Ankle-brachial pressure index and mini nutritional assessment in community-dwelling elderly people
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A low ankle-brachial pressure index (an ABPI value <0.90) is considered predictive of cardiovascular disease, and is widely thought to increase morbidity and mortality in the elderly. However, good nutrition is beneficial both for the health and the ability to resist and recover from the disease.
The aim of the present study was to evaluate the relationship between the ankle-brachial pressure index and the nutritional status of the elderly in a city of Kochi prefecture, Japan.
This was a cross-sectional study in which a total of 100 elderly people, both males and females, were screened for ankle-brachial pressure index (ABPI), nutritional status (through the use of the short form of the mini nutritional assessment), activities of daily living, lifestyle, gait speed (10MWT), postural stability (OLST), and functional mobility (TUg).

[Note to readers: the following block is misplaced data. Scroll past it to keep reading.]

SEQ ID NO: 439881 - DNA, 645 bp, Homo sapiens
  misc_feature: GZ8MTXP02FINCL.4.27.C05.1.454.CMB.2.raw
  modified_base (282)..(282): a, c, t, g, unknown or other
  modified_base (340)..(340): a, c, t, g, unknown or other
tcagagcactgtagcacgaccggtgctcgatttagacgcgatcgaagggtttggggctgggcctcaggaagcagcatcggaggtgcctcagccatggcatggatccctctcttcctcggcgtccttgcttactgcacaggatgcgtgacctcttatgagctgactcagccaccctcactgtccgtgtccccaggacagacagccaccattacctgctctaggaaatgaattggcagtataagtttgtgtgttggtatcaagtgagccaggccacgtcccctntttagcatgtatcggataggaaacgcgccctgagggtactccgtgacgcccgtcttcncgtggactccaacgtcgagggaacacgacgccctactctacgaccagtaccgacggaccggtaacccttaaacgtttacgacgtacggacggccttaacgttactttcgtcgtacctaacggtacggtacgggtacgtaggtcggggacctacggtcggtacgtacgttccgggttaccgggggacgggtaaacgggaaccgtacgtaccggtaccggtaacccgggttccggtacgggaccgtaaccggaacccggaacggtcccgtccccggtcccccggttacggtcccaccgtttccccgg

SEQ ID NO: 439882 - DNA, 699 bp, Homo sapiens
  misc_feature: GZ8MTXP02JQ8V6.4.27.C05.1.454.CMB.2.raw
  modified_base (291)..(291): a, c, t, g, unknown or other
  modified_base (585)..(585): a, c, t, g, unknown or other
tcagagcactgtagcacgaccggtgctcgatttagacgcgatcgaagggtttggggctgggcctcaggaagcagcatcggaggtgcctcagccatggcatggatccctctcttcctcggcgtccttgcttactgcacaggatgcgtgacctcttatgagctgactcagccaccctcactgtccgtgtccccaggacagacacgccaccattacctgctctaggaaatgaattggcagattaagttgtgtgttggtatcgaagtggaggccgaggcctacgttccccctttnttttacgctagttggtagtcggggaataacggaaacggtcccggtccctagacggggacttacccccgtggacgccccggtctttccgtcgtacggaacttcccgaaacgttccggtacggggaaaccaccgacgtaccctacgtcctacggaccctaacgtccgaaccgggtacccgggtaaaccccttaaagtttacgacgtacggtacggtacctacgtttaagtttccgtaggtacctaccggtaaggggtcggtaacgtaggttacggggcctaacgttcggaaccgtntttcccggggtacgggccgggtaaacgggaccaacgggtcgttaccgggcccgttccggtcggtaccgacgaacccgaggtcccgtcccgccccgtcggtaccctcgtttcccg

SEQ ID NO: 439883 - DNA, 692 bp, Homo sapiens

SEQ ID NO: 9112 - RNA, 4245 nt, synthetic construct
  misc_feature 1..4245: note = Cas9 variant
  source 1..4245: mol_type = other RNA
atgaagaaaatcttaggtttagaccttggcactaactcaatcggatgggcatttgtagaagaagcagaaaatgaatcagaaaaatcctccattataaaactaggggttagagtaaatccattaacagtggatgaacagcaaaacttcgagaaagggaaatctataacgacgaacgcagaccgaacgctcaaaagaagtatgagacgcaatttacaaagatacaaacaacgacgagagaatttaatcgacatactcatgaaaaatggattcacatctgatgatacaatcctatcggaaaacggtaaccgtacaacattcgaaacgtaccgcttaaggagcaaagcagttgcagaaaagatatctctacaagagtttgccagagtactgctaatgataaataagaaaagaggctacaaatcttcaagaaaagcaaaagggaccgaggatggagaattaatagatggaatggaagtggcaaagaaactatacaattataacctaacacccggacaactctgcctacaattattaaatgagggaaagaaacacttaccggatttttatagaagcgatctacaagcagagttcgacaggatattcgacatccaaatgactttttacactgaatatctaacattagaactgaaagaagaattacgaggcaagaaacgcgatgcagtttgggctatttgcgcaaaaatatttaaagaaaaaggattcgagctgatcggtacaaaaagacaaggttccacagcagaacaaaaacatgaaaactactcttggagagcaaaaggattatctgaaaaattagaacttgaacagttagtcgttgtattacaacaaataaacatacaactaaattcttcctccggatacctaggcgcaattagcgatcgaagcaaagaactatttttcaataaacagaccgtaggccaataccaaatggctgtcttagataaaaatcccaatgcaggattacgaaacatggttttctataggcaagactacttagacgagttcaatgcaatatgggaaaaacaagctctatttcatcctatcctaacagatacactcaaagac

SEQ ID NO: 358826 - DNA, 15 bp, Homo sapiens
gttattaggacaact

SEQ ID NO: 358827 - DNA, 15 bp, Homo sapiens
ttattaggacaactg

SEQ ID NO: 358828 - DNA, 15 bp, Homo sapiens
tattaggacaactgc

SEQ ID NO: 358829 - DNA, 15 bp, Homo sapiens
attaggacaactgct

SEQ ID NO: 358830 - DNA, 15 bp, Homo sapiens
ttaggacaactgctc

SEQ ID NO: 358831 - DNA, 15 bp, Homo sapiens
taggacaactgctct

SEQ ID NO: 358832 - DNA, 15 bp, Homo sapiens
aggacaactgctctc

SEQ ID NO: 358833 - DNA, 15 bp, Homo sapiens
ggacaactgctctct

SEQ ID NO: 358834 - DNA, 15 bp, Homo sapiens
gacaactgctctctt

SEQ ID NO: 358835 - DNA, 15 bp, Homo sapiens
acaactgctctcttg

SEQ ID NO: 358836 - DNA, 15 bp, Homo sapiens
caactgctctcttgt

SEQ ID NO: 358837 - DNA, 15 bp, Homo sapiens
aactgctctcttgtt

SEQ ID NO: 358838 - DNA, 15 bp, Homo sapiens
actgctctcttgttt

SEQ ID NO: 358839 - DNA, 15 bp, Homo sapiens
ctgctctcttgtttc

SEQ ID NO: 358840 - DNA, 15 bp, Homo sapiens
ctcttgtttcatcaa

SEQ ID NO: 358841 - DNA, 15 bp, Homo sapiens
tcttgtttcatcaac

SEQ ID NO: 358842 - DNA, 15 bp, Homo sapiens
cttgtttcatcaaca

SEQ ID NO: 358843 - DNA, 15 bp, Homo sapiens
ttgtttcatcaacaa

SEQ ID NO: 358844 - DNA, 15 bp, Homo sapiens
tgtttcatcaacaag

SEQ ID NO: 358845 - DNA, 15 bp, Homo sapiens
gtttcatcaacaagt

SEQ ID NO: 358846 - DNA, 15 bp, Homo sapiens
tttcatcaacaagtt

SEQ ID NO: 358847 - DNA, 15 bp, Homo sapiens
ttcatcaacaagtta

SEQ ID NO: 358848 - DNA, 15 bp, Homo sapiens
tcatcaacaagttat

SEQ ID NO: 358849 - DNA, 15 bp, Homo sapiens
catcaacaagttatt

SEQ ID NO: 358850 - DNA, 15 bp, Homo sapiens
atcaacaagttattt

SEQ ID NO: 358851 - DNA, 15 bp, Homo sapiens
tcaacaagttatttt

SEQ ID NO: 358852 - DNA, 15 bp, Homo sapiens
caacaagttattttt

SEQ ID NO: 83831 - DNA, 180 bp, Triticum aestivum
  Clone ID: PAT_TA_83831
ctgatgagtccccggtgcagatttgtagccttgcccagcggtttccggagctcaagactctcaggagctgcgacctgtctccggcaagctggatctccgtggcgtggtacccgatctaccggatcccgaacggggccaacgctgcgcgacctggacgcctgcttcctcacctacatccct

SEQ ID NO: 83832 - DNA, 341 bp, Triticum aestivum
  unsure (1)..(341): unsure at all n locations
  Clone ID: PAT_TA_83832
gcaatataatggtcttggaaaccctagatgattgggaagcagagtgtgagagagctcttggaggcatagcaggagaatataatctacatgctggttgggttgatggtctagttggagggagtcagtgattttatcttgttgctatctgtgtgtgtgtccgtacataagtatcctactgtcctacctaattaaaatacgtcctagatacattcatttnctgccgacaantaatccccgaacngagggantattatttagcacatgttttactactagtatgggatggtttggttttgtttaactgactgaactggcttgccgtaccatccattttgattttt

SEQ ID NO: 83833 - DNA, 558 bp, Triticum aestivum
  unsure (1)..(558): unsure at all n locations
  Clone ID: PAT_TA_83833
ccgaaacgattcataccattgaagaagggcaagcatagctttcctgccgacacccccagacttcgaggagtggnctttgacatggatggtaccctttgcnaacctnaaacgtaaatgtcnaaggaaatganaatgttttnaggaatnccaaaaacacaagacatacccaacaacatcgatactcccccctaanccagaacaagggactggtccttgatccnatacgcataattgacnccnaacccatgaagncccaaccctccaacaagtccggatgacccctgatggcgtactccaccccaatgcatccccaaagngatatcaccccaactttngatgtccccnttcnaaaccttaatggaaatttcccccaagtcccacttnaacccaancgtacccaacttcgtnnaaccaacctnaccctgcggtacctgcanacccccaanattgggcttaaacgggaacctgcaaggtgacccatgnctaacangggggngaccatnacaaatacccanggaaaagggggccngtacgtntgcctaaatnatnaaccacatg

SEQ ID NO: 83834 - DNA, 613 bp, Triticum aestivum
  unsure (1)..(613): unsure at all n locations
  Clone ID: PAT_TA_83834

About 67% of the participants were found to have a normal nutritional status, 27% were at risk of malnutrition, and six percent were classified as malnourished. The mean ABPI of the participants was 1.08±0.10, and three participants had an ABPI lower than 0.90. The ABPI was statistically higher in well nourished participants compared with those at risk of malnutrition or the malnourished. The mean ABPI was significantly higher in non-smokers compared with former smokers. The ABPI was found to correlate negatively with gait speed and with TUg score.
Well-nourished elderly had a higher normal ankle-brachial pressure index as compared with the malnourished elderly. This study provides supportive evidence for the necessity of adequate nutrition for elderly people.
Key wordsABPI MNA functional mobility elderly
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